For Carmen Villanueva, there is no such thing as slowing down, not when your community is struggling to survive in the aftermath of a devastating hurricane.
Márel Malaret teaches the history of film and documentary filmmaking on the faculty of Escuela de Comunicación, at Puerto Rico’s University of the Sacred Heart.
Where would storm-battered Puerto Rico be without people like Carmen Villanueva? Her vitality, her strength, and her laughter are endless.
I’ve known Villanueva for years. But it wasn’t until Hurricane Maria hit that I got to appreciate the depth of her drive and the key role that women like her, who reportedly make up the majority of community leaders on the island, are playing in the aftermath of this disaster.
An activist and volunteer for a number of non-profit organizations, Villanueva has a singular focus right now. It’s to secure services, food and, most important, water for the Hill Brothers community–her community–while helping to link other leaders of marginal areas with the organizations that can help residents struggling to recover from Maria.
It was Villanueva who first introduced Oxfam to Playita, one of San Juan’s poorest neighborhoods. You know someone is effective when she’s generous with her knowledge and you hear this about her: “I’ve learned everything from Carmen,” said Cecila Collazo, Playita’s community leader.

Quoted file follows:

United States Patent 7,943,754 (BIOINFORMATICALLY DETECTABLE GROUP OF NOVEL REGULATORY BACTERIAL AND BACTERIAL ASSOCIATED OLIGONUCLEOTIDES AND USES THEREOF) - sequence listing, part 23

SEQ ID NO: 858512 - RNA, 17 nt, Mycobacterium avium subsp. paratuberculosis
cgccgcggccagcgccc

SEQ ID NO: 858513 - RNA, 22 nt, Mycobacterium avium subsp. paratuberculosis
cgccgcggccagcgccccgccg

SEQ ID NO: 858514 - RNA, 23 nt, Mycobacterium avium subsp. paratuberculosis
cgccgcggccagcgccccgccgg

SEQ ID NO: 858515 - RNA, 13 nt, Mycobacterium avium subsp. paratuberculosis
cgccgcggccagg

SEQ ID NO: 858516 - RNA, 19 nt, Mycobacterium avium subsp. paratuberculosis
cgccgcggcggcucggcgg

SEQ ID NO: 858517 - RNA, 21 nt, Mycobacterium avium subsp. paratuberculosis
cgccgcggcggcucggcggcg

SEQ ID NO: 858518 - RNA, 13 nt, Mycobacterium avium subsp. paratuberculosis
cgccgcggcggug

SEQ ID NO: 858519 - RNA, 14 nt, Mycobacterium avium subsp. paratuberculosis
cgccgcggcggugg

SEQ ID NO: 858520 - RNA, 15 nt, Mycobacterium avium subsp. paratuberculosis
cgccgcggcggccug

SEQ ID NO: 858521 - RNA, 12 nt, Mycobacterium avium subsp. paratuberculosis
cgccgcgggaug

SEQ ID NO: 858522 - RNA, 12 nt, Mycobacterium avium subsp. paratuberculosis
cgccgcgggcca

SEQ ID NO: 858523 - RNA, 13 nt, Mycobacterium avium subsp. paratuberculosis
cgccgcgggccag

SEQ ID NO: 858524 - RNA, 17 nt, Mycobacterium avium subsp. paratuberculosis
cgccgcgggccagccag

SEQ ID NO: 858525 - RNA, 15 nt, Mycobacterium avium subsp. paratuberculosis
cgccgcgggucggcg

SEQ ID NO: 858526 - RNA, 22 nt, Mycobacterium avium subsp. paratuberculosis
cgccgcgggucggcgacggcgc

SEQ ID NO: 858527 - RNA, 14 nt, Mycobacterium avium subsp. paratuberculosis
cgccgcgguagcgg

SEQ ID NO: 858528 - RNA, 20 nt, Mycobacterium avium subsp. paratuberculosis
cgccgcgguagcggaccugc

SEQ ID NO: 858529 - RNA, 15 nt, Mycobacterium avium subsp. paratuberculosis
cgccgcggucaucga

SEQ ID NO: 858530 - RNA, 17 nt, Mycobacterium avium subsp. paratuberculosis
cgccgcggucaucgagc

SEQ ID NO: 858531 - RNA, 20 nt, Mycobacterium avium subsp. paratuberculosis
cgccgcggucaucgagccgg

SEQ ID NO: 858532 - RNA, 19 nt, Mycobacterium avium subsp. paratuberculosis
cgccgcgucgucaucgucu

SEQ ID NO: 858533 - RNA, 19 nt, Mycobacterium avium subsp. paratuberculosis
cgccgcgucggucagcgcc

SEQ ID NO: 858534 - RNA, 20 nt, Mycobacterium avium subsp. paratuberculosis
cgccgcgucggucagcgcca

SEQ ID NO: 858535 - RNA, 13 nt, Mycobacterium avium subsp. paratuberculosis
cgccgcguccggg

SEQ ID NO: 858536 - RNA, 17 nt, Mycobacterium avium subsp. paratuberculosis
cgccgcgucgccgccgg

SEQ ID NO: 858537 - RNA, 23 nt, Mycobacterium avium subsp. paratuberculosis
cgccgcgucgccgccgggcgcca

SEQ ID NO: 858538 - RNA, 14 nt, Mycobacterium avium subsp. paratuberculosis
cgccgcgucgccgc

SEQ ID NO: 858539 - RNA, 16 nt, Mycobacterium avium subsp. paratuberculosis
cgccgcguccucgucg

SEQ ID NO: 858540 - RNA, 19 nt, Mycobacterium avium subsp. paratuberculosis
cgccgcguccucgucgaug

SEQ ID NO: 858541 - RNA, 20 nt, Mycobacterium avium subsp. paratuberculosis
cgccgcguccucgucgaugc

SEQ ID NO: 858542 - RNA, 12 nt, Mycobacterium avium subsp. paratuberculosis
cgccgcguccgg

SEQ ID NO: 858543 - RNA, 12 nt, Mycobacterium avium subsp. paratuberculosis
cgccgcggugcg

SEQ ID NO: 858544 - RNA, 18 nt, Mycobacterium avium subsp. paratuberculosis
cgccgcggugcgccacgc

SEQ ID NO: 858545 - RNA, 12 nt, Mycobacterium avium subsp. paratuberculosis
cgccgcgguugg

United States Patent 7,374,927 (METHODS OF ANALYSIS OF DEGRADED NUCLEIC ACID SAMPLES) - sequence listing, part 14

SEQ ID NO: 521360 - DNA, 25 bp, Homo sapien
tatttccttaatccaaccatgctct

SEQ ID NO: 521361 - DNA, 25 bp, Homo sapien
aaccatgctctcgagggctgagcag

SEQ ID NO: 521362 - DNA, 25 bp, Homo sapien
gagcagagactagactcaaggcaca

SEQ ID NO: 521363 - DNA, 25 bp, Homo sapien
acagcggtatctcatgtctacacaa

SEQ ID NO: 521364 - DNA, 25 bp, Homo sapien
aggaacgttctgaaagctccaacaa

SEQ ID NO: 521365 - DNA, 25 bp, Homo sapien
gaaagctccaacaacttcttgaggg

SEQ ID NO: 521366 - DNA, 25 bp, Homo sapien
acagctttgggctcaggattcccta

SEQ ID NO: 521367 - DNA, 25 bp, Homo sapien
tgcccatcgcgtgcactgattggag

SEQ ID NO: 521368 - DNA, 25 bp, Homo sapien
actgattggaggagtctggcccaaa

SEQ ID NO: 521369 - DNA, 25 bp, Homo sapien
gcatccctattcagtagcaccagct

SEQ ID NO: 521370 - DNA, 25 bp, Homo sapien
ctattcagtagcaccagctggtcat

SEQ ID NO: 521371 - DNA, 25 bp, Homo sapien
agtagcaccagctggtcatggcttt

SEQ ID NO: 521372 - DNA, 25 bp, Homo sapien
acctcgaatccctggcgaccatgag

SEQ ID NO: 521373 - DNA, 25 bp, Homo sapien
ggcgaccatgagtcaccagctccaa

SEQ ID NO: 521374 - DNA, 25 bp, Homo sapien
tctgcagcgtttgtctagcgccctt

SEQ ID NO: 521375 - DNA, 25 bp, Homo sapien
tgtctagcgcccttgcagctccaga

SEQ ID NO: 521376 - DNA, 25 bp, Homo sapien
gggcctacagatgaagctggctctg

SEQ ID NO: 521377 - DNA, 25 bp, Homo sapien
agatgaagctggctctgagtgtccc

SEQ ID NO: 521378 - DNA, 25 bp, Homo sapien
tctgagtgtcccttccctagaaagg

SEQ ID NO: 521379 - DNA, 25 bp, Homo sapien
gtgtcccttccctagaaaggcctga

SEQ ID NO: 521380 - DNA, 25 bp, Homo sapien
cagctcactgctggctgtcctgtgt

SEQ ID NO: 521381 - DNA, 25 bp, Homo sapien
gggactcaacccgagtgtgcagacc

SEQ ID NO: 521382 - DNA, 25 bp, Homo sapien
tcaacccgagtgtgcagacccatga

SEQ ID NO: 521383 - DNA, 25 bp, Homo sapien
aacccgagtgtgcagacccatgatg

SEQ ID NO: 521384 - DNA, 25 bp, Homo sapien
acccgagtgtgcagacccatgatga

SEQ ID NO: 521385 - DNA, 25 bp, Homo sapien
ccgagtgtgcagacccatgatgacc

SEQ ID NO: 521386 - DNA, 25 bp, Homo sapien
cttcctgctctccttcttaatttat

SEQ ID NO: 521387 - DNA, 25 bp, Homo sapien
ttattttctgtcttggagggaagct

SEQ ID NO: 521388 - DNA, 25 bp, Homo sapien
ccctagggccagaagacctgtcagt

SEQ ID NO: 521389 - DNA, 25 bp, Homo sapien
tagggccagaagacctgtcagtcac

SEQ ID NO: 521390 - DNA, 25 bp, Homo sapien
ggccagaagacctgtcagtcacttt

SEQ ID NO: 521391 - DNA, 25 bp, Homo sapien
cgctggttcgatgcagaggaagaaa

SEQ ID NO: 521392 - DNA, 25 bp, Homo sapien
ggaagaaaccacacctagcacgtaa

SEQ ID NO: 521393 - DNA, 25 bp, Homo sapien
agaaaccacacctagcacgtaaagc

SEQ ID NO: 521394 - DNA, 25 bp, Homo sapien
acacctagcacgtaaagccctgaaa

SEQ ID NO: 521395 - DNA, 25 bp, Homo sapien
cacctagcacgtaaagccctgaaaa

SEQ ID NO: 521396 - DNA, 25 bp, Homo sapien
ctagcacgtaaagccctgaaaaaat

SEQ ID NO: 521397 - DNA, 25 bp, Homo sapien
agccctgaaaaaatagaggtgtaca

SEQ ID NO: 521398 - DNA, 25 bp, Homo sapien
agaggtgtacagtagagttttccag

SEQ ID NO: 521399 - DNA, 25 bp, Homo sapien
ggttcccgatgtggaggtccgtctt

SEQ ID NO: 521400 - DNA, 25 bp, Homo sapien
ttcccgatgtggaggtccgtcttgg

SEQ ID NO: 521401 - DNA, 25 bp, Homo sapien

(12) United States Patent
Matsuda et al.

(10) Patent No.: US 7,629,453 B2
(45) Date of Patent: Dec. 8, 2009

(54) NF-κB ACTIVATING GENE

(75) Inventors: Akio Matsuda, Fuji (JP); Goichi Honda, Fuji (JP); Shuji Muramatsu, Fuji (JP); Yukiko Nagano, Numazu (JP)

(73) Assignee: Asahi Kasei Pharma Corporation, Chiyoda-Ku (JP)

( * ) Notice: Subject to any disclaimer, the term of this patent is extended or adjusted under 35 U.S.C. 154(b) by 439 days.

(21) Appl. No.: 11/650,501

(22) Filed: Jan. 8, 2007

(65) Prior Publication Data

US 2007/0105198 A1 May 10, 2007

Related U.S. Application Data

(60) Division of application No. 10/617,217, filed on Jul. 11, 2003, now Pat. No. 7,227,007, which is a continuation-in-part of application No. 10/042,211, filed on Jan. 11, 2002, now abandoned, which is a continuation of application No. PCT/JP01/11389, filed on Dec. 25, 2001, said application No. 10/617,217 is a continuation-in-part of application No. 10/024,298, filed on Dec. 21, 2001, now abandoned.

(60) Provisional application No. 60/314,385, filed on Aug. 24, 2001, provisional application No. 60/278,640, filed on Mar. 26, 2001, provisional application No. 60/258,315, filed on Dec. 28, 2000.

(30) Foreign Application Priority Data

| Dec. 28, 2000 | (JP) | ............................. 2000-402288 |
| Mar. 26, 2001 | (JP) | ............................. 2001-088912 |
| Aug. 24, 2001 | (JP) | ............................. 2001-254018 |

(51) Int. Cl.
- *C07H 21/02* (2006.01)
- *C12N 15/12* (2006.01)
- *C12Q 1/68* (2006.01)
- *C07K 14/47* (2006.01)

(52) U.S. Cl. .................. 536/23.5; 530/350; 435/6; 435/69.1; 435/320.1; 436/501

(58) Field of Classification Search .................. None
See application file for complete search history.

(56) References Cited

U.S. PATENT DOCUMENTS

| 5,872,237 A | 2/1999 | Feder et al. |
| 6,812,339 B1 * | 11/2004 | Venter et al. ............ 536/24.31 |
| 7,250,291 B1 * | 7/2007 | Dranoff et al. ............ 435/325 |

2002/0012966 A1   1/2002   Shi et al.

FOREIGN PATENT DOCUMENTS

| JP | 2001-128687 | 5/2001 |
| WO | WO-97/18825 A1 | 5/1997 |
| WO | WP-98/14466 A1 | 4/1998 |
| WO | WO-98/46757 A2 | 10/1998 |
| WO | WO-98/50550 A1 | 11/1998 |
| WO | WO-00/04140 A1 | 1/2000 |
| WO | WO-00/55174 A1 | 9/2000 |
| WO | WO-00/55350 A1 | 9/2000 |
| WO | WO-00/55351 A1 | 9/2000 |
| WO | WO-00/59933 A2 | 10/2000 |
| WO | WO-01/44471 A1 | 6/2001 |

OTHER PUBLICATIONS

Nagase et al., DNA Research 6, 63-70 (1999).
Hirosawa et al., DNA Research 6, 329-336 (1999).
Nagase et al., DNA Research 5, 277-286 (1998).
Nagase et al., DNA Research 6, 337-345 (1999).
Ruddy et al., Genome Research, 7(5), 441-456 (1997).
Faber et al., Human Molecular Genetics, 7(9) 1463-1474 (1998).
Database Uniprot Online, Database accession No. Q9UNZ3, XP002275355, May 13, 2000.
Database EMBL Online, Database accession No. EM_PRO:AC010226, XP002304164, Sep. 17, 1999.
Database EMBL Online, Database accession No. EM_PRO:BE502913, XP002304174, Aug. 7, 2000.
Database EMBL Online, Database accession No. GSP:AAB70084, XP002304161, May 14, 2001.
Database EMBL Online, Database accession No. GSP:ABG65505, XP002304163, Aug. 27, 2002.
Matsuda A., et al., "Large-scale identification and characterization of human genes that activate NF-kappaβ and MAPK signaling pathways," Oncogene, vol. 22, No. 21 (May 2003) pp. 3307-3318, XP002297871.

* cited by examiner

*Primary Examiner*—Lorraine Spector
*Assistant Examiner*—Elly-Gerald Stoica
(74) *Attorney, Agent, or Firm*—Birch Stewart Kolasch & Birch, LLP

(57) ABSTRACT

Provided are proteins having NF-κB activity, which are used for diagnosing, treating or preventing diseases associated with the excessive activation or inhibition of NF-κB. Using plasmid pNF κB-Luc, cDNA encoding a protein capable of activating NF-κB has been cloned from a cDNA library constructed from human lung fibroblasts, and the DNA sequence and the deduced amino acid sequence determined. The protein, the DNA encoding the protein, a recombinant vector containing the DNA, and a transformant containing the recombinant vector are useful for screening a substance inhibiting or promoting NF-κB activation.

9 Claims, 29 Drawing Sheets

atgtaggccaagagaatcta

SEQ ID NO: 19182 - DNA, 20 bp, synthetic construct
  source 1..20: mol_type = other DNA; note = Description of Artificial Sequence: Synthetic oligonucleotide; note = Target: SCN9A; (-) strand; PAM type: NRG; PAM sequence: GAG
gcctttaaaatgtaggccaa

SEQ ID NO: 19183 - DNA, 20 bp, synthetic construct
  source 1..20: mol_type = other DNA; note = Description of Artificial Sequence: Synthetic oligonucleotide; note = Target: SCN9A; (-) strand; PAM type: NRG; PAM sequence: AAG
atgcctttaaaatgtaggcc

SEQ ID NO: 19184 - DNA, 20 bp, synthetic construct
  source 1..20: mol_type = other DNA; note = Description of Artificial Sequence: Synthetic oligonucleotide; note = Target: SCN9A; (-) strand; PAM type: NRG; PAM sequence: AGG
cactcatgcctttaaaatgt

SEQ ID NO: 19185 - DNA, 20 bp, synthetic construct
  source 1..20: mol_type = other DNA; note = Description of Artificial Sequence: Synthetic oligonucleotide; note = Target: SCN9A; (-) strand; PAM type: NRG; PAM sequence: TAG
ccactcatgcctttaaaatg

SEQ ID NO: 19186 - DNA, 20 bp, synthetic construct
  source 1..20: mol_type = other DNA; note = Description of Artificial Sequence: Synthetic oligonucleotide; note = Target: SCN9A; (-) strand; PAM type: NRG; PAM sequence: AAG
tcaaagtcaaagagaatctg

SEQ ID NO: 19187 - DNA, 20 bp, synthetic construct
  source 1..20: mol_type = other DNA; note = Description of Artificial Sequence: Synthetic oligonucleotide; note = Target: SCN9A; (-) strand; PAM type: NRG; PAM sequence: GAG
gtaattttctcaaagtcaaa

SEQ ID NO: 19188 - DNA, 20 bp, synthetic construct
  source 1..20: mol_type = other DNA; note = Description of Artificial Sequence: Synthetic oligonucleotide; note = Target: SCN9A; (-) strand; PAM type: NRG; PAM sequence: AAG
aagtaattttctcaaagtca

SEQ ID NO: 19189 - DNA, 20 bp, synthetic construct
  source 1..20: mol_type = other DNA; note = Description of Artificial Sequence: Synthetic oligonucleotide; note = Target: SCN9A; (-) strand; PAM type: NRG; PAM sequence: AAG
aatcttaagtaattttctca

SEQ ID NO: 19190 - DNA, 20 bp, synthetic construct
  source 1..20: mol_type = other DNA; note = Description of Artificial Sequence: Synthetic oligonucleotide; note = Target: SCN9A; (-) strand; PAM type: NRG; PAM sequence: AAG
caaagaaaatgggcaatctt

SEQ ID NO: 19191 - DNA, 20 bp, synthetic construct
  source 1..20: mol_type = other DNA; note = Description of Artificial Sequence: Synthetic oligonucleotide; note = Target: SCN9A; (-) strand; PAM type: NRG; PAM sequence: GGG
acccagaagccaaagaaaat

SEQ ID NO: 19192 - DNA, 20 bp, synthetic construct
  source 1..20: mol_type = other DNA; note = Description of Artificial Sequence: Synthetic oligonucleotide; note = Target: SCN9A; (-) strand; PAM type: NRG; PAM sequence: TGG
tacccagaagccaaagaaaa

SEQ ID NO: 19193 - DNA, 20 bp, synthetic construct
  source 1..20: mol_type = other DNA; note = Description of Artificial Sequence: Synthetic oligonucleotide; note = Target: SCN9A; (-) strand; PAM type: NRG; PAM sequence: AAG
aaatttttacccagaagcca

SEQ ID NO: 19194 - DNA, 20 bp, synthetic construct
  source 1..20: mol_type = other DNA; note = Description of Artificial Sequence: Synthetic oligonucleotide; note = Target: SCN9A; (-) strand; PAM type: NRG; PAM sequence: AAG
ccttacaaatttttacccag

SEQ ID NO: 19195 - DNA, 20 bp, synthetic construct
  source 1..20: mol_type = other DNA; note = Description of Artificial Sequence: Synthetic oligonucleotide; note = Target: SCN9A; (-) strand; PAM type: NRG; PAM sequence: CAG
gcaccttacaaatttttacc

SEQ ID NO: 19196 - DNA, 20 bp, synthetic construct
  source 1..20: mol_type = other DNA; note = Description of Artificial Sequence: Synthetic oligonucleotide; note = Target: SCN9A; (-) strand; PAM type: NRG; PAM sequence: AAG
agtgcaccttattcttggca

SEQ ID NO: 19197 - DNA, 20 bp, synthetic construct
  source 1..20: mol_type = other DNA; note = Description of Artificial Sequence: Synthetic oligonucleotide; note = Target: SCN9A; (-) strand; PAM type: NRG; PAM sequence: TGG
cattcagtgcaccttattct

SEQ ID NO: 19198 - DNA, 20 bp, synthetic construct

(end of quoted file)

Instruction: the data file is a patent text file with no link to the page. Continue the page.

After the initial shock of dealing with the destruction that the hurricane left, Villanueva decided it was time to mobilize the community. With no electricity and limited cell phone service, she knew it would not be easy to reach everyone. So, Villanueva enlisted the help of young people who, she says, have become more active in this crisis. They went house to house letting everyone know that the Hill Brothers community center would open on October 4. The idea was for people to come and start making lists of what had been destroyed–their homes, their rooftops–and what each household needed in terms of supplies.
The night before, at 9 p.m., a woman arrived at the center with a chair and a notebook, and sat in front of the door. When people started to show up, she took charge, and listed them in order. When Villanueva and her children arrived close to 6:30 a.m. the next day, it was clear her organizing strategy had worked perfectly: A line of people and cars surrounded the whole center.
Whether she’s helping an entire community or a single mother and her children, Villanueva doesn’t stop.
Recently, she took me to visit Madeline Cruz, who lives with her parents and two children. Cruz’s husband abandoned her many years ago, and doesn’t always send the pension he is required by law to give his children. Right before the hurricane, he sent half the installment that was due–a small amount of money Cruz has had to stretch across all of these days when everything is more expensive. As there is no electricity, the family has to buy candles, batteries for lamps and flashlights, ice to preserve small amounts of food, and gallons of bottled water.
Though Cruz has a degree in microcomputer applications, she can’t work outside her home because her 16-year-old son is handicapped and needs her regular attention, including managing a skin condition aggravated by sunlight. True to form, Villanueva has stepped in to help. For her, and other women like her, the community is their extended family–and family always comes first.